Methotrexate: Well-known with 70% good results.

Retinoids – Properties closely resembling Vitamin A, for serious types of psoriasis which do not respond to other therapies. Frequent resurgence after stopping of treatment. In particular Soriatane.
Risks: Can cause birth defects if patient is pregnant.

Soriatane: Can cause hair loss, dry lips and dryness of the mucous membranes.

Cyclosporine: Most powerful of the general treatments. Immune-depressant, can produce positive effects, but also serious side effects mainly due to the weakening of the auto immune system.
Other risks: Renal toxicity, maximum 1 year duration.

NEW on the market!
ANTI-TNF ALPHAS: Some already on market but not earmarked for psoriasis. Also new, Alefacept. Intravenous treatment. Long length remission.
Disadvantage: Time constraining and treatment is repeated.


Alternatives to medical treatments

These alternatives are natural.

Pso Natura® … Naturally; Pso Natura® is a 100% organic, foaming, regenerating Complex. An organic, derma-cosmetic treatment, proven to deliver very convincing results to the problems of psoriasis squama with the use of our exclusive wild Carapa Procera. Follozing customer demand, we have developed other complementary treatments to treat the outside and inside of your body, our Rich Restructuring Cream, Dermatological Shampoo and our Detox and Zen capsules. The results speak for themselves as our customers leave their feedback.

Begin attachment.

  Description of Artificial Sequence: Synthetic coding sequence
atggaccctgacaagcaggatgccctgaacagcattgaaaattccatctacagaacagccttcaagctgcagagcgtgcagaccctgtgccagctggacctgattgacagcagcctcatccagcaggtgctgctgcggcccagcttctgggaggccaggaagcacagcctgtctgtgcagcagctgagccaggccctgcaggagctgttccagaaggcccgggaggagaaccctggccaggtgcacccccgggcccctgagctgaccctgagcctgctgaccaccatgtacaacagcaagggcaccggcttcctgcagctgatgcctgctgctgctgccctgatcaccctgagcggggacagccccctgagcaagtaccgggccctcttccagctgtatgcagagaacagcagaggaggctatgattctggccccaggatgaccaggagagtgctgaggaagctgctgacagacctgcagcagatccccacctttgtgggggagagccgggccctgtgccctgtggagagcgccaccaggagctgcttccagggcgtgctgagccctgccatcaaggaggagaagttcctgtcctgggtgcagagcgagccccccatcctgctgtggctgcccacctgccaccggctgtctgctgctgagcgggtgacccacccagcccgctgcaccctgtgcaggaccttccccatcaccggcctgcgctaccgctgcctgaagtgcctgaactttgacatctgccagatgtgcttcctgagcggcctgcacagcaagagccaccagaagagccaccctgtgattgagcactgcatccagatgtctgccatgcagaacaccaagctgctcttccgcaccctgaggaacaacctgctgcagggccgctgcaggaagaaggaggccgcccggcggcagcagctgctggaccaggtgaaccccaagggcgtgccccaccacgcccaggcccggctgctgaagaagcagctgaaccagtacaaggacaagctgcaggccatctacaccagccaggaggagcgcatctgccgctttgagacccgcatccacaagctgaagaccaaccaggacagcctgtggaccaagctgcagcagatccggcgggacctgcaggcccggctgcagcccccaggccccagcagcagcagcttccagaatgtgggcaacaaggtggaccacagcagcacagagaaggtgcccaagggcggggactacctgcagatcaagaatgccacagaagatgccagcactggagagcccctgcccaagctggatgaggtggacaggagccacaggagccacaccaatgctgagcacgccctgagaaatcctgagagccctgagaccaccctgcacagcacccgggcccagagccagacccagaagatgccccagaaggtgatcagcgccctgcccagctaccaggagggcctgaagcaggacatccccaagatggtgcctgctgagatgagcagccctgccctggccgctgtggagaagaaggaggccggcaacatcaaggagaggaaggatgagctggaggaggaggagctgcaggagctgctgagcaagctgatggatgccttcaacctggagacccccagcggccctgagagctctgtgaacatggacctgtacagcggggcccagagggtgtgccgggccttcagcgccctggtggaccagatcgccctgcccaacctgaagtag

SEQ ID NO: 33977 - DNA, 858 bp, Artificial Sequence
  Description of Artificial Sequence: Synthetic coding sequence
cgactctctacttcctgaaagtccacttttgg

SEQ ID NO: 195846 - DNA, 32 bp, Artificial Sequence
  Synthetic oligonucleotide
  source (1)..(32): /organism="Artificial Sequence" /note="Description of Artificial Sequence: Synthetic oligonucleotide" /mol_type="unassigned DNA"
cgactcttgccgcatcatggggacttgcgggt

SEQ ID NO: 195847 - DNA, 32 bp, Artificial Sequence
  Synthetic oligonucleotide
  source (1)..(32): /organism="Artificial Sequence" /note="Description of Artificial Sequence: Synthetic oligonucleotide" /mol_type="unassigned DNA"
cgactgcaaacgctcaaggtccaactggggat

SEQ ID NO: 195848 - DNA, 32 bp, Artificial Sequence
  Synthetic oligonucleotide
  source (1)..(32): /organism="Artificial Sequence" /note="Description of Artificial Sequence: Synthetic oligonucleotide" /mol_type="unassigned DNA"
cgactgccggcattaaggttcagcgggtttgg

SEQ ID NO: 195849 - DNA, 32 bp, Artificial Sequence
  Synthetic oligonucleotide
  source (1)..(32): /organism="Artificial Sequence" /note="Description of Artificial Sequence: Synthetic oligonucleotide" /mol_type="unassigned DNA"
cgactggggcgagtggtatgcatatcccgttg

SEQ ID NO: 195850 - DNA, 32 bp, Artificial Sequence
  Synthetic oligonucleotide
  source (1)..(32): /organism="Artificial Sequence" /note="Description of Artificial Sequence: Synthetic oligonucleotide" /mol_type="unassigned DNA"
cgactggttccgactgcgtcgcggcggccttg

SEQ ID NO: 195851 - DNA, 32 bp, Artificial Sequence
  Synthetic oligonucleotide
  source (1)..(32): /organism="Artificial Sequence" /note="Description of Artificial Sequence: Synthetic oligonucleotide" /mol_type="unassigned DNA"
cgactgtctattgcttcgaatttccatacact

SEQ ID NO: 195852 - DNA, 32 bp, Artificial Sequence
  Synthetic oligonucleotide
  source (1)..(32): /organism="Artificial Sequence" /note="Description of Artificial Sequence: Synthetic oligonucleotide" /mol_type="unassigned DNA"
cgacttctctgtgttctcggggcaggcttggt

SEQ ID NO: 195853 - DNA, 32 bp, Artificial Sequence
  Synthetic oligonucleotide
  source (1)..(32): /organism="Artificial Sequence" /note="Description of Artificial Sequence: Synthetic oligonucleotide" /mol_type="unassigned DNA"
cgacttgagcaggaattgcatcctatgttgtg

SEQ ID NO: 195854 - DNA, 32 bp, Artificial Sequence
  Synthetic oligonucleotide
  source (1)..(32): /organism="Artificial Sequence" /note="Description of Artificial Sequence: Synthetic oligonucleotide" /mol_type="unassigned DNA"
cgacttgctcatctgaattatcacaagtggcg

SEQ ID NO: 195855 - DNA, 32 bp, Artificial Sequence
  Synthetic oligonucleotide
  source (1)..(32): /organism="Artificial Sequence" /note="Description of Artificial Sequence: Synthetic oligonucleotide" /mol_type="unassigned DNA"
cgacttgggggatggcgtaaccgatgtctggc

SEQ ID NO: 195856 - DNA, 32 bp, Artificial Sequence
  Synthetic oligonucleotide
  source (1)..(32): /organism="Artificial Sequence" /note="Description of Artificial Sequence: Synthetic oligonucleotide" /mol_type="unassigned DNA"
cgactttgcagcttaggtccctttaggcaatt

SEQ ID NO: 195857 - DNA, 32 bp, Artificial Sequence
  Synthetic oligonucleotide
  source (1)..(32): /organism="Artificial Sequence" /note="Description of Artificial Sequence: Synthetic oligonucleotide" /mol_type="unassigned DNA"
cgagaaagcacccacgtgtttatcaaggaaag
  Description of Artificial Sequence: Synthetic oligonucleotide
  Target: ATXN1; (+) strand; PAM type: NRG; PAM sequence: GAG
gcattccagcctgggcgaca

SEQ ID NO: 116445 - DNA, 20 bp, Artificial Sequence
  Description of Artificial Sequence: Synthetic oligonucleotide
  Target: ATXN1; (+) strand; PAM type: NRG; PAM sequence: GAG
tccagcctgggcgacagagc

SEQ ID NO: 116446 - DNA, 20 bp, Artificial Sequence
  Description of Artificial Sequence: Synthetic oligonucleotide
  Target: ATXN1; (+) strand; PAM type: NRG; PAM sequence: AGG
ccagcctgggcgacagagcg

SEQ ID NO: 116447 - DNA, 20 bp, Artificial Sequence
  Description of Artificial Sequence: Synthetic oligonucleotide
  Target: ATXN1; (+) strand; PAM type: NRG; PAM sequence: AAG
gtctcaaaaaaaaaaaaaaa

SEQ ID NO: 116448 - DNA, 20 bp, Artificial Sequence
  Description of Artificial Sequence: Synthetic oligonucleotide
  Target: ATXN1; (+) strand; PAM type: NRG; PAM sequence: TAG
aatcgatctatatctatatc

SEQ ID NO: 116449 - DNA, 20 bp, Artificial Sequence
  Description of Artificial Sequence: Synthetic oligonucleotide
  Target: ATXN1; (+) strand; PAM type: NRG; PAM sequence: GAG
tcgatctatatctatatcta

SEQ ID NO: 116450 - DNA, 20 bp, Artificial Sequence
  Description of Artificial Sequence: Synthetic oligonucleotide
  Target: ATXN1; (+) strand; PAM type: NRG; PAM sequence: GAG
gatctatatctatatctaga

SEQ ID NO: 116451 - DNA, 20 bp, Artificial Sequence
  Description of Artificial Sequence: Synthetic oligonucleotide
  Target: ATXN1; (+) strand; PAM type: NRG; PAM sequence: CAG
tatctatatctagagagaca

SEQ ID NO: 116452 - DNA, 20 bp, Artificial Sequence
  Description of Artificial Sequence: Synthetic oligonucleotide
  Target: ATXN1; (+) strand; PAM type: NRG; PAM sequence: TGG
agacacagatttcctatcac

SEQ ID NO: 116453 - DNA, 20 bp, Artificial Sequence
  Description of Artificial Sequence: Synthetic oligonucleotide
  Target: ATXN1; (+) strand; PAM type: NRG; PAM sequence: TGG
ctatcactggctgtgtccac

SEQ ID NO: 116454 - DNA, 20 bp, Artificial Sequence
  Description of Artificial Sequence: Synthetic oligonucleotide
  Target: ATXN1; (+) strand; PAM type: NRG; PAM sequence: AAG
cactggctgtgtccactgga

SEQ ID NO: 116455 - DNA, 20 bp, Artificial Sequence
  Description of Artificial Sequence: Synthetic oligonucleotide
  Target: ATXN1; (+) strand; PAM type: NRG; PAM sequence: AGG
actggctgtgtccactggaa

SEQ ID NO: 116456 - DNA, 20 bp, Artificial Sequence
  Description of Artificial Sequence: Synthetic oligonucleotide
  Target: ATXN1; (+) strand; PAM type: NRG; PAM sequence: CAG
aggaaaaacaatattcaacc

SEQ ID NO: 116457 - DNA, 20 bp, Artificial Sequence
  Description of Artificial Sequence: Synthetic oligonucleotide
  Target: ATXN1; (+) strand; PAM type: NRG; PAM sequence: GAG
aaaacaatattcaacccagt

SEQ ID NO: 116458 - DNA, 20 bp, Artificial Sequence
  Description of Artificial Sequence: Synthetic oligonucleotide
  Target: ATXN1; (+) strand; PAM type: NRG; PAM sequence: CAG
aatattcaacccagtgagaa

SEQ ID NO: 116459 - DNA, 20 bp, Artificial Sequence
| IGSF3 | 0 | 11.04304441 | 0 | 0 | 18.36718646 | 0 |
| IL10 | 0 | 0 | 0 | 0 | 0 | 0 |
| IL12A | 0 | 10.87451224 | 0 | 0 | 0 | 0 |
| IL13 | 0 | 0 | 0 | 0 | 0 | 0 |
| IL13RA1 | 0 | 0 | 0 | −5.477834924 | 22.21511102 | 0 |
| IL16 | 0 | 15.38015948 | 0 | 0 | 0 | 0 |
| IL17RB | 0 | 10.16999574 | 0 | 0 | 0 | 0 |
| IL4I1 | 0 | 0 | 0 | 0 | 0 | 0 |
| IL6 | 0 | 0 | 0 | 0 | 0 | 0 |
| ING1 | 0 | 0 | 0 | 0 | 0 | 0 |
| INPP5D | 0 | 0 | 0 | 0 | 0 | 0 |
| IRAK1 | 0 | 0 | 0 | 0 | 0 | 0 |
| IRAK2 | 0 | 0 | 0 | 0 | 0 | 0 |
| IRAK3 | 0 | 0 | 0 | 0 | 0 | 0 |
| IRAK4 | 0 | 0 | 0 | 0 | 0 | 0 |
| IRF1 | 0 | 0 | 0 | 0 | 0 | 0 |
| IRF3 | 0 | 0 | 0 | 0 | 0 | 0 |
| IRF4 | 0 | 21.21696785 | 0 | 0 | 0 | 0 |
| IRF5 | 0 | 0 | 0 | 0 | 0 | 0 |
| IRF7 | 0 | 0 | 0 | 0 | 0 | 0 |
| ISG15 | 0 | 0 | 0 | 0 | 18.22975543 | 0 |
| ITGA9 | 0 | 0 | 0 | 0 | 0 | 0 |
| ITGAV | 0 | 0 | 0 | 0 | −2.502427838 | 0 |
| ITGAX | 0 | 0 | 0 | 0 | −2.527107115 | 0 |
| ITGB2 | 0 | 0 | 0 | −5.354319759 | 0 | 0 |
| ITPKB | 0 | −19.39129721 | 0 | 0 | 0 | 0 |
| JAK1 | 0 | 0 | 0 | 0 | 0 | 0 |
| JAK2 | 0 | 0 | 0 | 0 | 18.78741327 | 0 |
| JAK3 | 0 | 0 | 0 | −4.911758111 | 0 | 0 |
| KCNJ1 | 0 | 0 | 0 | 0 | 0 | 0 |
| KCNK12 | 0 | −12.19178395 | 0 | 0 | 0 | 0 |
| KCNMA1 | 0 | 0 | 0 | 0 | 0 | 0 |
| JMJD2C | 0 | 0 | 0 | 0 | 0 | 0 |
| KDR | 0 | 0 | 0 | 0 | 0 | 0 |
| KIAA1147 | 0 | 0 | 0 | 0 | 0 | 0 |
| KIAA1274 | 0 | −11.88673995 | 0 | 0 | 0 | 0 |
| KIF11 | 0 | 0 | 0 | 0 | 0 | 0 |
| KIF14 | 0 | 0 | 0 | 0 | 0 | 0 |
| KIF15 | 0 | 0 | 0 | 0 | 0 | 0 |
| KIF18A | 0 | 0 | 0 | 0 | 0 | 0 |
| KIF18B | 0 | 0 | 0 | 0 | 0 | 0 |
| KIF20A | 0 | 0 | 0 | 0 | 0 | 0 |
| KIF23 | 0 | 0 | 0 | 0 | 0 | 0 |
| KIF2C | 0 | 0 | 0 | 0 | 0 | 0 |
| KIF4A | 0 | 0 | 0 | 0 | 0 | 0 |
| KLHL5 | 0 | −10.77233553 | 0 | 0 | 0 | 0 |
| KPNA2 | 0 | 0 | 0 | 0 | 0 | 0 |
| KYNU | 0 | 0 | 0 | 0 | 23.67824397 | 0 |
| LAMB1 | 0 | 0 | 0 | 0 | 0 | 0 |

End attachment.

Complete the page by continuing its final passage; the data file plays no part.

Its advantages: Natural, organic, does not induce dependency, ease of application.

Sylvie Méliet, the founder of "Laboratoires des Mascareignes", and a psoriatic for more than 20 years testifies: “The most effective answer I know.” Results in approximately 1 month.

Essential oils (Phytotherapy): Namely burdock, wild pansy and salsaparilla. Can be useful. Warning, often greasy and very pungent. Ill advised to self medicate as some oils can be very toxic for the body. Very progressive improvement (but slow).

Aloe Vera - Results are often visible, but very seldom entirely removes the traces. Most effective: Freshly collected Aloe Vera, therefore not easy to find.

Cures: Double objective for these cures: local applications of “active substances” combined with patient relaxation (important since psoriasis is triggered by stress). Relatively effective, but often of short duration when one returns to normal life. The best known are: